Red Death Lates
Time Out investigates eccentric theatre company Punchdrunk‘s decadent take on the after-show bash
‘Interactive theatre’ just doesn’t get near to describing Punchdrunk’s sublime and surreal ‘The Masque of the Red Death’. During three hours of wandering in low-lit, atmospheric and decrepit ruins with their vision hindered by masks, the audience discovers Edgar Allan Poe’s gothic tale, in which Prince Prospero attempts to hide from the plague sweeping the country by locking his favourite people in his castle and, one night, holding a masquerade ball. By the same token, ‘after-party’ doesn’t remotely do justice to Red Death Lates, the post-show event every Friday and Saturday.
A few performers still in costume, swanning around and chatting to the audience? Hardly. The show simply goes on, as Kate Hargreaves, of in-house party hosts Gideon Reeling, explains: ‘The “Masque” is a great starting point to build a party from. A select group have been holed up in the Prince’s palace for months to escape the ravages of a virulent plague and the party is said to have much of the bizarre and the wanton about it. The audience has time for a drink or two and a little pleasant conversation before they are plunged into the final scene from the main show. This final scene runs straight into the party where the audience may dance with zebras or birds, fight for their dearest possessions with a Mexican wrestler, contract the red death in the mistress of the boudoir’s parlour, have their chakras rebalanced, visit the travelling freakshow – if they can find it – or be treated by the quack doctor.’
Sound overwhelming? Not a bit. It’s more like being in the performance party equivalent of Willy Wonka’s chocolate factory. The performers change each week and it’s part of the fun that they’re not announced beforehand, says Punchdrunk’s Joana Seguro: ‘Some nights there’s a full Scottish ceilidh and East End trendies are made to barn dance with a horse, other nights have been a 1940s swing dance; we have contortionists and burlesque dancers.’ With ten or more post-show performers wandering among the audience during the initial show itself, it can often be hard to tell who is the audience and who isn’t. ‘Exactly’, says Seguro. ‘People get really excited and make an enormous effort. Men dress up in Victorian tuxedos, and the girls do wonderful things with their hair. On New Year’s Eve, we set a dress code of ‘pairs and double-acts’. We had a couple turn up as a pair of socks. I remember dancing with a couple of Supermen. It’s difficult to work out – are you just having fun or are you deliberately trying to entertain me?’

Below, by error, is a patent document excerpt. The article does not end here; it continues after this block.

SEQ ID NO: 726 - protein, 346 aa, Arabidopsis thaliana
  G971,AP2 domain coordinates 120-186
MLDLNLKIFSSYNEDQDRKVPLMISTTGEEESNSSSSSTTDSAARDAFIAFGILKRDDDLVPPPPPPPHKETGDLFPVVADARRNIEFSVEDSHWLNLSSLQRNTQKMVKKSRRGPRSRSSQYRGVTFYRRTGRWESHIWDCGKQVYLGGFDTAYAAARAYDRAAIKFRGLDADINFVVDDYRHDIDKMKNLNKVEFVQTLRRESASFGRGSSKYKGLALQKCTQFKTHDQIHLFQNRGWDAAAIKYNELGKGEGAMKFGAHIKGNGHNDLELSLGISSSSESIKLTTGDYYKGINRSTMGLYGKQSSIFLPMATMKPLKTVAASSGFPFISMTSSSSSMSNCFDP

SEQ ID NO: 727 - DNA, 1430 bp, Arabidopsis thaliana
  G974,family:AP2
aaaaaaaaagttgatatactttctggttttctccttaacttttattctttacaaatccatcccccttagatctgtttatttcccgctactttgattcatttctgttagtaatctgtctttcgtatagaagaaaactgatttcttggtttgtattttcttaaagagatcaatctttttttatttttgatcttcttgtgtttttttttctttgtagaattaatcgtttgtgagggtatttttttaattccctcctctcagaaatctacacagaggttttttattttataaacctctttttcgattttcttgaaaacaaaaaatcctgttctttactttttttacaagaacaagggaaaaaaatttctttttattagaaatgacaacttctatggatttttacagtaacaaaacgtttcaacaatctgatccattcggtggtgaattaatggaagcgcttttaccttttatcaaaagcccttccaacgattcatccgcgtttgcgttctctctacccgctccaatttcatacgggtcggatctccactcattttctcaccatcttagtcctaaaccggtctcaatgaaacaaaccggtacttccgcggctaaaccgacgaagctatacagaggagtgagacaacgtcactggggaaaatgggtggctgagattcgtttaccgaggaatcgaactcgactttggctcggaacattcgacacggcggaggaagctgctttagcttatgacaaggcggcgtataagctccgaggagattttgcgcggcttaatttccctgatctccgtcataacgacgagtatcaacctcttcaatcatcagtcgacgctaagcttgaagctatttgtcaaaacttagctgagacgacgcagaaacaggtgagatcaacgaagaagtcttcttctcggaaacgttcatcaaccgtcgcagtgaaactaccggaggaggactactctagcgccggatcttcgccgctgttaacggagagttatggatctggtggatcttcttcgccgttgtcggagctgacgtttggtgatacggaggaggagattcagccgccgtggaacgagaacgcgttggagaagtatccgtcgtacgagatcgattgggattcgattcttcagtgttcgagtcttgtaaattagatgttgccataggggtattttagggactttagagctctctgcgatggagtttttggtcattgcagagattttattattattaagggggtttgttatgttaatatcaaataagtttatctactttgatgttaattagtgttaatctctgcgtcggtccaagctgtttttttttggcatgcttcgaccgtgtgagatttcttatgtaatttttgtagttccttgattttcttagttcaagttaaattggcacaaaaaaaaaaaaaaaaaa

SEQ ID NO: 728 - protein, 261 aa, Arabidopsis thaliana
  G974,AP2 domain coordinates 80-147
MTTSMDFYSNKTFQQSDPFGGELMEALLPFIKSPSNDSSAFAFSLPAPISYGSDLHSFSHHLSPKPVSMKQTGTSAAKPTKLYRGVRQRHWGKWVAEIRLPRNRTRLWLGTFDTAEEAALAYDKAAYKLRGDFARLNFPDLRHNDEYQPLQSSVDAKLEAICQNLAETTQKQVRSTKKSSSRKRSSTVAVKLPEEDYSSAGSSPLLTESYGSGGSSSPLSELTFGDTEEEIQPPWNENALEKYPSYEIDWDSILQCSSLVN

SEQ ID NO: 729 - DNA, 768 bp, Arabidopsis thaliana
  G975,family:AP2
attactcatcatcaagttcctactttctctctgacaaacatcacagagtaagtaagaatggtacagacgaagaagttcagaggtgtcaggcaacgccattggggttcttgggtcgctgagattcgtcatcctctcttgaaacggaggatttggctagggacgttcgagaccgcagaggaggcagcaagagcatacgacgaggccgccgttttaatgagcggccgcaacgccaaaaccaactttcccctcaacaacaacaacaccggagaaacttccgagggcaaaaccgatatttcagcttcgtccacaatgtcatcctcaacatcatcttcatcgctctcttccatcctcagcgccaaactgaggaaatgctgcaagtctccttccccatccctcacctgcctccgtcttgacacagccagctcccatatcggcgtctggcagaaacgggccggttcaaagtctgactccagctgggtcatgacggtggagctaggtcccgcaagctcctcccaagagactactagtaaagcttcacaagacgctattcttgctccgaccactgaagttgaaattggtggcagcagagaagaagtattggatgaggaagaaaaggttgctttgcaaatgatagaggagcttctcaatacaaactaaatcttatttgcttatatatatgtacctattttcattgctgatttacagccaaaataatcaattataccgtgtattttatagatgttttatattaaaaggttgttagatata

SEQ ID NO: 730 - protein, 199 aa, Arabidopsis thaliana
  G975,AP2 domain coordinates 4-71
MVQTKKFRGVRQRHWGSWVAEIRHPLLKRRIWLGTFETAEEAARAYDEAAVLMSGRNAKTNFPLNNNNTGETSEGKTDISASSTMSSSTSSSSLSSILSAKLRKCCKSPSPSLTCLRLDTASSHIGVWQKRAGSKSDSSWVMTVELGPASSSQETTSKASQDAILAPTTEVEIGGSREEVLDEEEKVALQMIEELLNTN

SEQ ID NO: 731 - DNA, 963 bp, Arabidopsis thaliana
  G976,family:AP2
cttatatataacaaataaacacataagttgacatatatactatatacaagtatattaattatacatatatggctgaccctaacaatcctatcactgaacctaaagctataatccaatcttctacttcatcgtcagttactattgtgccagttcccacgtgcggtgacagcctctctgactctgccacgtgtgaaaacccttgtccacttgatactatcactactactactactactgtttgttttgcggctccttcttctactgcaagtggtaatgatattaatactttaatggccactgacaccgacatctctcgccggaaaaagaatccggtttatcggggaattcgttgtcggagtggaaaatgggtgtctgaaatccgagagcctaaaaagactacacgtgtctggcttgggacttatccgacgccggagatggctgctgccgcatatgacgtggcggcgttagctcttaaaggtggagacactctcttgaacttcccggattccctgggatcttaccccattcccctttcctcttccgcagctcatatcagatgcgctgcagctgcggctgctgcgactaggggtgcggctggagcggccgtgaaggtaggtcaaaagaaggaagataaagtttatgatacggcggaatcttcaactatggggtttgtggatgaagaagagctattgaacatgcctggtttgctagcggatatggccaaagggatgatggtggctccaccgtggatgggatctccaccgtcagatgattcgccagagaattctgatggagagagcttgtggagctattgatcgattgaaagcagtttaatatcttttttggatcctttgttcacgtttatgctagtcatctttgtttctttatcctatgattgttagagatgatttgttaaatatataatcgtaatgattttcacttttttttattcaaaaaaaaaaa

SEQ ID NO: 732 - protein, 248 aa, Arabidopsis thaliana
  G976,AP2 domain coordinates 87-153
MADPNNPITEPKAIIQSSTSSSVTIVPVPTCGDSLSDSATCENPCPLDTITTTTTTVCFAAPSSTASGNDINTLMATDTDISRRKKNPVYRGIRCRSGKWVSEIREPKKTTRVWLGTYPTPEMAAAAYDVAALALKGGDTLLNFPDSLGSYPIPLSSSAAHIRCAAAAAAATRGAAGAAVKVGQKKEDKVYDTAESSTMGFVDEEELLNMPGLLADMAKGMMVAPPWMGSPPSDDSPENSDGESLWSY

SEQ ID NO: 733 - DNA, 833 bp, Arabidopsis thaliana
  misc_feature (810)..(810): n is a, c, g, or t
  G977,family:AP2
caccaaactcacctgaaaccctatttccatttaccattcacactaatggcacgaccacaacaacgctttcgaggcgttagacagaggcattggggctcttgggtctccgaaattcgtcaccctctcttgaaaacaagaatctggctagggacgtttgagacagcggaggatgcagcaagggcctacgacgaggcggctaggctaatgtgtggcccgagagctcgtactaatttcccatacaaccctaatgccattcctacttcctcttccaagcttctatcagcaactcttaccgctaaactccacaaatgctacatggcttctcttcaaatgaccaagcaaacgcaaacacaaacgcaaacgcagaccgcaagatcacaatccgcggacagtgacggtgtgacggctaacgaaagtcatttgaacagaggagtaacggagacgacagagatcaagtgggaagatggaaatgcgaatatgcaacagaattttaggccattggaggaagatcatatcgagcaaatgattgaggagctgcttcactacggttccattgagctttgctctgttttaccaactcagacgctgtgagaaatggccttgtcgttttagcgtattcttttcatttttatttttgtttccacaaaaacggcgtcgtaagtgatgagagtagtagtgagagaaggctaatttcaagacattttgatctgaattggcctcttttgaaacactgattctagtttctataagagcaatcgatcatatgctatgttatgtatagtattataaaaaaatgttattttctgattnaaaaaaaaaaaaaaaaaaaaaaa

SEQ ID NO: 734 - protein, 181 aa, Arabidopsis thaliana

However, putting on two very different shows a week for many months is exhausting. Promoters work months in advance on just one interactive performance. So while ‘The Masque of the Red Death’ will continue until April 12, Red Death Lates will run twice-weekly only until February 1. ‘We’ll do several dates before the show finishes,’ says Seguro. ‘And then everyone will go into a sanatorium to get their strength back.’
Speaking of things health-related, Hargreaves still wonders about a prescription given to one young audience member. ‘Our own Miss Bird appointed herself as a physician one evening, and this mystery girl presented herself as a patient with the peculiarity of being unable to say certain consonant sounds. Miss Bird sent her off into the Christmas period expressly forbidden to use the letters M or P. I would love to know how she got on.’
Red Death Lates is on every Friday and Saturday at the BAC until February 1.
The Masque of the Red Death is at the BAC until April 12.
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